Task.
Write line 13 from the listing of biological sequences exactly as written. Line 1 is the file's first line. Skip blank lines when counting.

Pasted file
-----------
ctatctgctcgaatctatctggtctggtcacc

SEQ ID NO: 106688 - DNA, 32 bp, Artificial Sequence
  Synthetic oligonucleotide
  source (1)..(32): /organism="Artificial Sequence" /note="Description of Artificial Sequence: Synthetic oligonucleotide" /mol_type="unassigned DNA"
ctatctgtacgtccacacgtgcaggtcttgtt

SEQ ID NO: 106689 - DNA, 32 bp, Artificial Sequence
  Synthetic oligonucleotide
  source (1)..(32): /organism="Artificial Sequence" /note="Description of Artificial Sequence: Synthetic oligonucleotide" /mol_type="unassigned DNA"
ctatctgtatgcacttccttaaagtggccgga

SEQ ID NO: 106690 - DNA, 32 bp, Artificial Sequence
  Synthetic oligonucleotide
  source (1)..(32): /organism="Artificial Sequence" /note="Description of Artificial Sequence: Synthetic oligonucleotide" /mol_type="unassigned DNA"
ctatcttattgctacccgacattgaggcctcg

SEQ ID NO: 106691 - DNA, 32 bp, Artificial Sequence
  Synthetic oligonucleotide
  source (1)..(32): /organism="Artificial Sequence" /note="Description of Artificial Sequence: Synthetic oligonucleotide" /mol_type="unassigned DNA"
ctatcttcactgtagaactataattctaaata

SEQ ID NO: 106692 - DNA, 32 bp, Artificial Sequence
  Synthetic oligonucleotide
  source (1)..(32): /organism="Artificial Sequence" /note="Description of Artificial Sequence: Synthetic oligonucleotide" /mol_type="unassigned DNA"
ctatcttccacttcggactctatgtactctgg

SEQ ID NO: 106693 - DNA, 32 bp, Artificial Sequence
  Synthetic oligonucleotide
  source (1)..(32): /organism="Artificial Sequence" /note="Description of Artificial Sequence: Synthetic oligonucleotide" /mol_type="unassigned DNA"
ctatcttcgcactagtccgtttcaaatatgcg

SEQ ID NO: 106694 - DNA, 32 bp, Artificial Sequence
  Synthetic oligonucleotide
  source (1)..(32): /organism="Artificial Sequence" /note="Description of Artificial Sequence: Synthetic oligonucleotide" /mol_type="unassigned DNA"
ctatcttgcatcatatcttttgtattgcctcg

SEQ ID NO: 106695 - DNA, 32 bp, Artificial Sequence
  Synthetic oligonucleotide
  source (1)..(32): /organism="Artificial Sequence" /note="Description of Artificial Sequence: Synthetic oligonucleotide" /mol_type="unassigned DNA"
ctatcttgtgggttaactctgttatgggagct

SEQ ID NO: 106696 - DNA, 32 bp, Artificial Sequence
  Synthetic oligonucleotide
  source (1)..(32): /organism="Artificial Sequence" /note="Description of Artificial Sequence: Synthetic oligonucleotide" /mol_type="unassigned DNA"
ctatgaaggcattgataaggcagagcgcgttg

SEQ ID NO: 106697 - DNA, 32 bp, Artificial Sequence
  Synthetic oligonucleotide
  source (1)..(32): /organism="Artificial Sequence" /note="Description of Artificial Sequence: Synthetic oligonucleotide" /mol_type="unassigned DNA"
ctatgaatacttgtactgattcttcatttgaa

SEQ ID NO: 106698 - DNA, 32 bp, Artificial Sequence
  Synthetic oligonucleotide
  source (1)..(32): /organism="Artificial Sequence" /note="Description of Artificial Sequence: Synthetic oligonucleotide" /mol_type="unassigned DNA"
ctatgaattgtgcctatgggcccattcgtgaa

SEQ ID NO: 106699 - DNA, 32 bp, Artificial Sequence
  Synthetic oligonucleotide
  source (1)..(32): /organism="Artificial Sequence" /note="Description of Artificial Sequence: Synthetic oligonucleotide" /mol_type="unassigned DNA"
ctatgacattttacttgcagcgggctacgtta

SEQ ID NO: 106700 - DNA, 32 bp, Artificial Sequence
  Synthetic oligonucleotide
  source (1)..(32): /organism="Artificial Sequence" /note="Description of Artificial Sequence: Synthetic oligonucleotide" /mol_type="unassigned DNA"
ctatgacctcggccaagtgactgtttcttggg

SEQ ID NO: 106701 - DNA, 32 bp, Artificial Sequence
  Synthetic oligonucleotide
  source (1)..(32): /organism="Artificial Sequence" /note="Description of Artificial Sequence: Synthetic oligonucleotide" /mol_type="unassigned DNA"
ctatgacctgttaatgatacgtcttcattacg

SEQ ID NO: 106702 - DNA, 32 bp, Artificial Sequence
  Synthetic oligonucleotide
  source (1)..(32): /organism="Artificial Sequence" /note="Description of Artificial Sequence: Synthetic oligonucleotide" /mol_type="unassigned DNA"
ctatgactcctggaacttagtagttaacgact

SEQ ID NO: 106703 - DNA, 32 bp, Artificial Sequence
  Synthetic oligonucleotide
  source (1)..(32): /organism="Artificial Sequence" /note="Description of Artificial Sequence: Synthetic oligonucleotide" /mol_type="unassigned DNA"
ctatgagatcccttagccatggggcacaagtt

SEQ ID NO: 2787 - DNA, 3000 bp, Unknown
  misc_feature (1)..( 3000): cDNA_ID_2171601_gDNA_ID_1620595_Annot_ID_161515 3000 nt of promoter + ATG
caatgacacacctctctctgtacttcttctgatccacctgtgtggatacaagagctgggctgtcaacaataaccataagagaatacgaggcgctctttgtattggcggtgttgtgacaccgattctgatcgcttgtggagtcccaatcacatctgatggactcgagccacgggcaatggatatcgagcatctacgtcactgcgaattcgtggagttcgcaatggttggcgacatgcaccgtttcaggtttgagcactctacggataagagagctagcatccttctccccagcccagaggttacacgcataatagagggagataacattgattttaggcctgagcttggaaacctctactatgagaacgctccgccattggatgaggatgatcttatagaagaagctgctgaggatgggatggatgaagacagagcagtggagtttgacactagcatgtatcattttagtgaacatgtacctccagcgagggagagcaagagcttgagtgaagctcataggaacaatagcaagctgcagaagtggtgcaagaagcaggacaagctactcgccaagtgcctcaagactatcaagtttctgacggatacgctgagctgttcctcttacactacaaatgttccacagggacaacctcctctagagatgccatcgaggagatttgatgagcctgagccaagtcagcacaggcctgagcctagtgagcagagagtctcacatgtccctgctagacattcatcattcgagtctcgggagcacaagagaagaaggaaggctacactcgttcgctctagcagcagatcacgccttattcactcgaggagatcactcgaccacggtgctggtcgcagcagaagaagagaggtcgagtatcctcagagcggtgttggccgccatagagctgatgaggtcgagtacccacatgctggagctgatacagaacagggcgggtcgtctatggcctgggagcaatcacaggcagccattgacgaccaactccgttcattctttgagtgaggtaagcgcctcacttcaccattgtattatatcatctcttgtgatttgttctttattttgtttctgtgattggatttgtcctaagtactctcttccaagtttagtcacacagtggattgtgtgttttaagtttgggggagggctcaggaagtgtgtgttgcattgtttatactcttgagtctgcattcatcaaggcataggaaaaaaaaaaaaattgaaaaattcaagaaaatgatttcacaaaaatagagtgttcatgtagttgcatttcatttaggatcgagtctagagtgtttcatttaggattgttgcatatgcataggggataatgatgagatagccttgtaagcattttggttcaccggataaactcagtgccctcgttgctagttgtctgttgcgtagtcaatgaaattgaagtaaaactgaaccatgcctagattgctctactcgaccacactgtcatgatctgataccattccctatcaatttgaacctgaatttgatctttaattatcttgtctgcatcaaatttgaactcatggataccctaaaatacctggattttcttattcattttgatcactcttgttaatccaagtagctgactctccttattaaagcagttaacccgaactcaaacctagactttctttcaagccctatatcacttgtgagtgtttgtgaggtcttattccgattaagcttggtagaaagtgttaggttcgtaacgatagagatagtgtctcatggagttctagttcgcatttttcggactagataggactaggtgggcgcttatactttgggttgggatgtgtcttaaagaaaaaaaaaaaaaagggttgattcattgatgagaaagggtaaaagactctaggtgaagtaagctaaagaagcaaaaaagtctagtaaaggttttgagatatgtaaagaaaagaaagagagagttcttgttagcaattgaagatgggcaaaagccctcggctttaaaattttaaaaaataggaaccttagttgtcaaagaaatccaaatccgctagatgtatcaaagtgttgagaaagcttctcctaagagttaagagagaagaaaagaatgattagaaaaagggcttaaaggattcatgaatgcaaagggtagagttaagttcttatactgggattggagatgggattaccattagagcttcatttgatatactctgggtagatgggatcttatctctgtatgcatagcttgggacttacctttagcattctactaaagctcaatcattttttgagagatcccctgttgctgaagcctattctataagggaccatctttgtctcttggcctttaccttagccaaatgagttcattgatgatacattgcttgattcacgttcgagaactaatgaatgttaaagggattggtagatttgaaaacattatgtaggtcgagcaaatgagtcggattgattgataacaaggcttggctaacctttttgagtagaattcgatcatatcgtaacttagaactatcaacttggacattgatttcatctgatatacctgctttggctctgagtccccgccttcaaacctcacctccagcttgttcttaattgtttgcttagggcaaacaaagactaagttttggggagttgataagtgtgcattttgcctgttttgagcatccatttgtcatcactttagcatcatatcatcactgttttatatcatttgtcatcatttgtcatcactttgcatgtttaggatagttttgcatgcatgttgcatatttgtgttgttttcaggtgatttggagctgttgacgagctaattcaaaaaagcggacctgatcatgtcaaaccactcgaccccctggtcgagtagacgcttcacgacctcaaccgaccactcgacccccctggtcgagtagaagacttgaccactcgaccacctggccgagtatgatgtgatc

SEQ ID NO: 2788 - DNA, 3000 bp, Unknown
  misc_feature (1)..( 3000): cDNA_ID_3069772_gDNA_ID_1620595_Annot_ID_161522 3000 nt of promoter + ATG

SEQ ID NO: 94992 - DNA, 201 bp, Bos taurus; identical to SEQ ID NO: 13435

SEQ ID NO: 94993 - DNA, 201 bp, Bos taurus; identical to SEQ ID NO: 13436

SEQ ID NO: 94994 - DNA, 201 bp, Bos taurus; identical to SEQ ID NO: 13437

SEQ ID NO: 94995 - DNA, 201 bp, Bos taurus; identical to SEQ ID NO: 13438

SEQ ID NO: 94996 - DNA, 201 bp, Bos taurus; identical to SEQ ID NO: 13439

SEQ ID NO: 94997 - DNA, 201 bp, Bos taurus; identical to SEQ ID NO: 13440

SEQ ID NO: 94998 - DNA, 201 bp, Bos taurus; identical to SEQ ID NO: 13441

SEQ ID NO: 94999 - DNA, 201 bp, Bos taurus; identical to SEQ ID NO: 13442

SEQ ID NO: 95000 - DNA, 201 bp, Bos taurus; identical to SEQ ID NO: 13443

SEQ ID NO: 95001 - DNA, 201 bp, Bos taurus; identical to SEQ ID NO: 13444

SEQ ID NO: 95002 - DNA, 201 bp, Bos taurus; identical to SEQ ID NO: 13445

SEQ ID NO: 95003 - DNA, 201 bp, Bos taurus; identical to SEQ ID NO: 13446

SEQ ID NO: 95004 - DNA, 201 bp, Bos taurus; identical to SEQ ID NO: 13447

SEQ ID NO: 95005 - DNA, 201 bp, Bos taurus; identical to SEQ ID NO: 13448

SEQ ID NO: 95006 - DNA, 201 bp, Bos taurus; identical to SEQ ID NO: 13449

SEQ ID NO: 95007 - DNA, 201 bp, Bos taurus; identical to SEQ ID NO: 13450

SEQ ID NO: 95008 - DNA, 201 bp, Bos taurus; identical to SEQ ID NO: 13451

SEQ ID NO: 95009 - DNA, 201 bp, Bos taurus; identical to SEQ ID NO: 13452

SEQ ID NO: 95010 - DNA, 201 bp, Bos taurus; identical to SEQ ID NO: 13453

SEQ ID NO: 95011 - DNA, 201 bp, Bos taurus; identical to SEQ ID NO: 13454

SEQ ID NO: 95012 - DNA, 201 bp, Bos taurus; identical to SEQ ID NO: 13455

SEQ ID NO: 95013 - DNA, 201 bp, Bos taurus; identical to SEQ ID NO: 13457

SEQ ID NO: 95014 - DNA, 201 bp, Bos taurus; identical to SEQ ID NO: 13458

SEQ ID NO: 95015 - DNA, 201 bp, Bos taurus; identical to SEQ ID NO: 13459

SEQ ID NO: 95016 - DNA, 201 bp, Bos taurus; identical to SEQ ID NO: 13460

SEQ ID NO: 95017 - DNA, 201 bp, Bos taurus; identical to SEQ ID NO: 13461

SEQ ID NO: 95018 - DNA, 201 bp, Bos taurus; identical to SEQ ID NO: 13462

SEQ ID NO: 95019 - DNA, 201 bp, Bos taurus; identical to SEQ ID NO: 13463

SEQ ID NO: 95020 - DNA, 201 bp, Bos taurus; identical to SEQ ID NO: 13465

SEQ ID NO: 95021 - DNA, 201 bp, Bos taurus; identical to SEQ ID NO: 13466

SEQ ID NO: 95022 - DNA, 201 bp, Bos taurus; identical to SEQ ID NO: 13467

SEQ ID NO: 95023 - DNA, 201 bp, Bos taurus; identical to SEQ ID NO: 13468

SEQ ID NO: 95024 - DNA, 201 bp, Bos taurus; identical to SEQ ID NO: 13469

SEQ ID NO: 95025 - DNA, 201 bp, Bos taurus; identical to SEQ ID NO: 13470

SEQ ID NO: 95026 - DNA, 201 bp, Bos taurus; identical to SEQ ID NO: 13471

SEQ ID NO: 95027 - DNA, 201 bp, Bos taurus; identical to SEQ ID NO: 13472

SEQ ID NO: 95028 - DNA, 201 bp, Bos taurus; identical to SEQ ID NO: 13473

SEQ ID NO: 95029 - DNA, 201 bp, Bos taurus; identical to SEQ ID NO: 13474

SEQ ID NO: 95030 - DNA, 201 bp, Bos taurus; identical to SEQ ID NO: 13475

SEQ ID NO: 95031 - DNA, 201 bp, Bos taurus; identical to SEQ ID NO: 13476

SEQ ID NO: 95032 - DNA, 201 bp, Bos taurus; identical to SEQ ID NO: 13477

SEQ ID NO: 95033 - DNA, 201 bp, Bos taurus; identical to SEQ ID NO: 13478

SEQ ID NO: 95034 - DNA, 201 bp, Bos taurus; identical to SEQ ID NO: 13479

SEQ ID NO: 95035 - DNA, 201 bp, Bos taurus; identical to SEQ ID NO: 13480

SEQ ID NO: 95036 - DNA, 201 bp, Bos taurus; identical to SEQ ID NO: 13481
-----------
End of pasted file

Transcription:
ctatcttattgctacccgacattgaggcctcg